In 1970, Don Cornelius created the first musical television show catered to black audiences with the cultural phenomenon of “Soul Train.”
Launched as a local television program in Chicago in 1970, the music variety show ― hosted by Cornelius ― was syndicated in other national markets a year later and it ran until 2006. Similar to Dick Clark’s music-performance show “American Bandstand,” “Soul Train” featured guests dancing to latest music hits and served as a platform to showcase black music acts, including Aretha Franklin, James Brown, Janet Jackson, and Destiny’s Child.
The influential show also spawned the creation of the /www.idolator.com/6161621/don-cornelius-soul-train-line-dances"}}">Soul Train dance line and, eventually became the longest running nationally-syndicated /soultrain.com/about/"}}">music program in television history.
Cornelius said during a 2010 USA Today interview that he launched the show to give viewers an alternative to then-popular talk shows, “The Mike Douglas Show,” and “The Tonight Show Starring Johnny Carson,” which were mostly targeted to a general market audience.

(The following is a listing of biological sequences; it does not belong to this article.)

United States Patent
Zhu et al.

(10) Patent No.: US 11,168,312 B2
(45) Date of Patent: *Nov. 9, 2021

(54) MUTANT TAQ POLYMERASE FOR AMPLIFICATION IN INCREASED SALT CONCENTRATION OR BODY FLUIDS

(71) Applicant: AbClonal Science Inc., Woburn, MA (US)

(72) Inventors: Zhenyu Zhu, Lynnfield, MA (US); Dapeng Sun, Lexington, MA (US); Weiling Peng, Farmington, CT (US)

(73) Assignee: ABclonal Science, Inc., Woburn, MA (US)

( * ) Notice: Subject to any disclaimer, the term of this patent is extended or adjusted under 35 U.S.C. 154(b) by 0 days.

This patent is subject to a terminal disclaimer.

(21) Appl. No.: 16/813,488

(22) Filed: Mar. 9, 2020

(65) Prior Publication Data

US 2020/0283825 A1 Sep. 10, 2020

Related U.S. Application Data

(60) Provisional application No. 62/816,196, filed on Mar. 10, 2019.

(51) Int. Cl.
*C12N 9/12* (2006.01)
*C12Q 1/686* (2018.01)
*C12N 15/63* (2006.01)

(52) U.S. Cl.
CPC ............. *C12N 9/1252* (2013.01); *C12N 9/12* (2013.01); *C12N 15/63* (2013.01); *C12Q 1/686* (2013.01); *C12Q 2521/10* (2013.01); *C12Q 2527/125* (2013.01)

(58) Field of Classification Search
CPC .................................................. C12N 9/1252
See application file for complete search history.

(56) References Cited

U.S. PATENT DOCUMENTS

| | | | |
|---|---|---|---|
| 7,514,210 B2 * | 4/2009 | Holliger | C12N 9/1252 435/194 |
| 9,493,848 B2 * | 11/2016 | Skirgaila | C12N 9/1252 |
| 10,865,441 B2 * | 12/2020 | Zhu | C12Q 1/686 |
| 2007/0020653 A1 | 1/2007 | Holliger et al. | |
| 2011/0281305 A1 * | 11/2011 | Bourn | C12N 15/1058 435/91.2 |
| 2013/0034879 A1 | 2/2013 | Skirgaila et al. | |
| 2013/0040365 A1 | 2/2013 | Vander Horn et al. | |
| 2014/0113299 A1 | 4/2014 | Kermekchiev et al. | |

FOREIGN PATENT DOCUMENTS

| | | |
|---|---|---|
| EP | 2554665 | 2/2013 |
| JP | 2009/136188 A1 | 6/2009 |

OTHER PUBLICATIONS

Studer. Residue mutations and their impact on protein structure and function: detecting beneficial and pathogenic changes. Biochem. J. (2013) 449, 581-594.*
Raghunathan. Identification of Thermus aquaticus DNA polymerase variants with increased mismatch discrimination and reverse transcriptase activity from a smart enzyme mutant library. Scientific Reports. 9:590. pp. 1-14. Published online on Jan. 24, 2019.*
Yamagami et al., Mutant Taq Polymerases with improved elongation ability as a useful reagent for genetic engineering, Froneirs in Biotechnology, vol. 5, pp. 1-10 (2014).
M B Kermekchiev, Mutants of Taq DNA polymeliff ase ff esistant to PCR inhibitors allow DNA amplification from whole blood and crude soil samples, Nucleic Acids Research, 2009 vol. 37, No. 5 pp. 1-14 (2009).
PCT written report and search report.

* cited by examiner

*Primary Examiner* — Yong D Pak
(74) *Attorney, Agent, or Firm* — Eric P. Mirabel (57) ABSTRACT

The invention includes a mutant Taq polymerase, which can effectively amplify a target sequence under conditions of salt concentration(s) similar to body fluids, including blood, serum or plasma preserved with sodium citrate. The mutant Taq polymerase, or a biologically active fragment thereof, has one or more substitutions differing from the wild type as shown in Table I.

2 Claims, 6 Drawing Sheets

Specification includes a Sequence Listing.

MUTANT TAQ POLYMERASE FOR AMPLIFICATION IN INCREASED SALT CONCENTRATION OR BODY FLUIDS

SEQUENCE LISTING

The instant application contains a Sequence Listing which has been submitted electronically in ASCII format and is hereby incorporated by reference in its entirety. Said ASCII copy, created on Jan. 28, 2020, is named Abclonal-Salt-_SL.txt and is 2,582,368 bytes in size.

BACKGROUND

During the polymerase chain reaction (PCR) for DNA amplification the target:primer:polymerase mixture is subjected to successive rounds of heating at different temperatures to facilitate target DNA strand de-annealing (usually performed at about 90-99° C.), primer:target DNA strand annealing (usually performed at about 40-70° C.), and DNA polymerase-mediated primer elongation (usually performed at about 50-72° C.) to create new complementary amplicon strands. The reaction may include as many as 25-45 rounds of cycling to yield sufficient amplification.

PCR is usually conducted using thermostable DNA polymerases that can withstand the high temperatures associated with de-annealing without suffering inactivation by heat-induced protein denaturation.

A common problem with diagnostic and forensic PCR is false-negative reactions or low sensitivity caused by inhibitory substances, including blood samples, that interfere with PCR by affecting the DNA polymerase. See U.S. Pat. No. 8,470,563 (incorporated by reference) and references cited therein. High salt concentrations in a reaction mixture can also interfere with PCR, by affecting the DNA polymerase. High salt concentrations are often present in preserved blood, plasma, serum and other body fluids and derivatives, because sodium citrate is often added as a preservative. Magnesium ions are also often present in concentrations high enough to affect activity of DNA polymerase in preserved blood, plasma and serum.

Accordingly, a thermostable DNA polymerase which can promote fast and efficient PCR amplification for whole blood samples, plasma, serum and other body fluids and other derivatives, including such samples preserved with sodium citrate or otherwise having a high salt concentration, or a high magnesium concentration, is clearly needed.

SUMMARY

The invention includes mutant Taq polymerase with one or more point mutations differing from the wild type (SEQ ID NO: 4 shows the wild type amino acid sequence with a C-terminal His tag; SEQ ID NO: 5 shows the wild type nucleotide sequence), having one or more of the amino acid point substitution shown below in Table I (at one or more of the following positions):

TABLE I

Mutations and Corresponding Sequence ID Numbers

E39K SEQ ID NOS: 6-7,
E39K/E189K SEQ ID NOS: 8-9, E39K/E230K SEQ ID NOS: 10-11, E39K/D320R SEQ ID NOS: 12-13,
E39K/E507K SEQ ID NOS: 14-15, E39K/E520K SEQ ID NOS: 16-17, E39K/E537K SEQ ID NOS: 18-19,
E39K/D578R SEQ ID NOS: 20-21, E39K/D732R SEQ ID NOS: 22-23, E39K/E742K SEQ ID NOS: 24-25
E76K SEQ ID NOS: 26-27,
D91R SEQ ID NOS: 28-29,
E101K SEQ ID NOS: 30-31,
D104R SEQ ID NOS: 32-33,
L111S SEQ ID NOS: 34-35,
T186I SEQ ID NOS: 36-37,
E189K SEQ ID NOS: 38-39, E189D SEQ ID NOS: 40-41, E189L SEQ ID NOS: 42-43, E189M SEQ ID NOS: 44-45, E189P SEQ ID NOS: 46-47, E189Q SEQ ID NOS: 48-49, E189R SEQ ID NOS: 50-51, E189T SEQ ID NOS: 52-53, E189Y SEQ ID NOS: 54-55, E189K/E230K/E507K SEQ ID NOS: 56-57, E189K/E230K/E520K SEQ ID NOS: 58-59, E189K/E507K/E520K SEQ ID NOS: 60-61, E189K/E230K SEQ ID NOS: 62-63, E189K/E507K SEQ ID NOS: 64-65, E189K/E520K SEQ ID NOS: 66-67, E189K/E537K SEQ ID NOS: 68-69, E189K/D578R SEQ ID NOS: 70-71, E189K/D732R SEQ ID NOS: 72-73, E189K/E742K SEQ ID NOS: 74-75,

“Back then, there was no targeted television and I just had the sense that television shouldn’t be that way,” he said. “The primary mission of the show was to provide TV exposure for people who would not get it otherwise. People who didn’t get invited to The Mike Douglas Show, or (Johnny) Carson. There was no ethnic television, just general-market television, which meant mostly white people.”
In honor of Cornelius, who passed away on Feb. 1, 2012, and the impact he had on popular culture, we decided to highlight 28 of our favorite performances on “Soul Train.”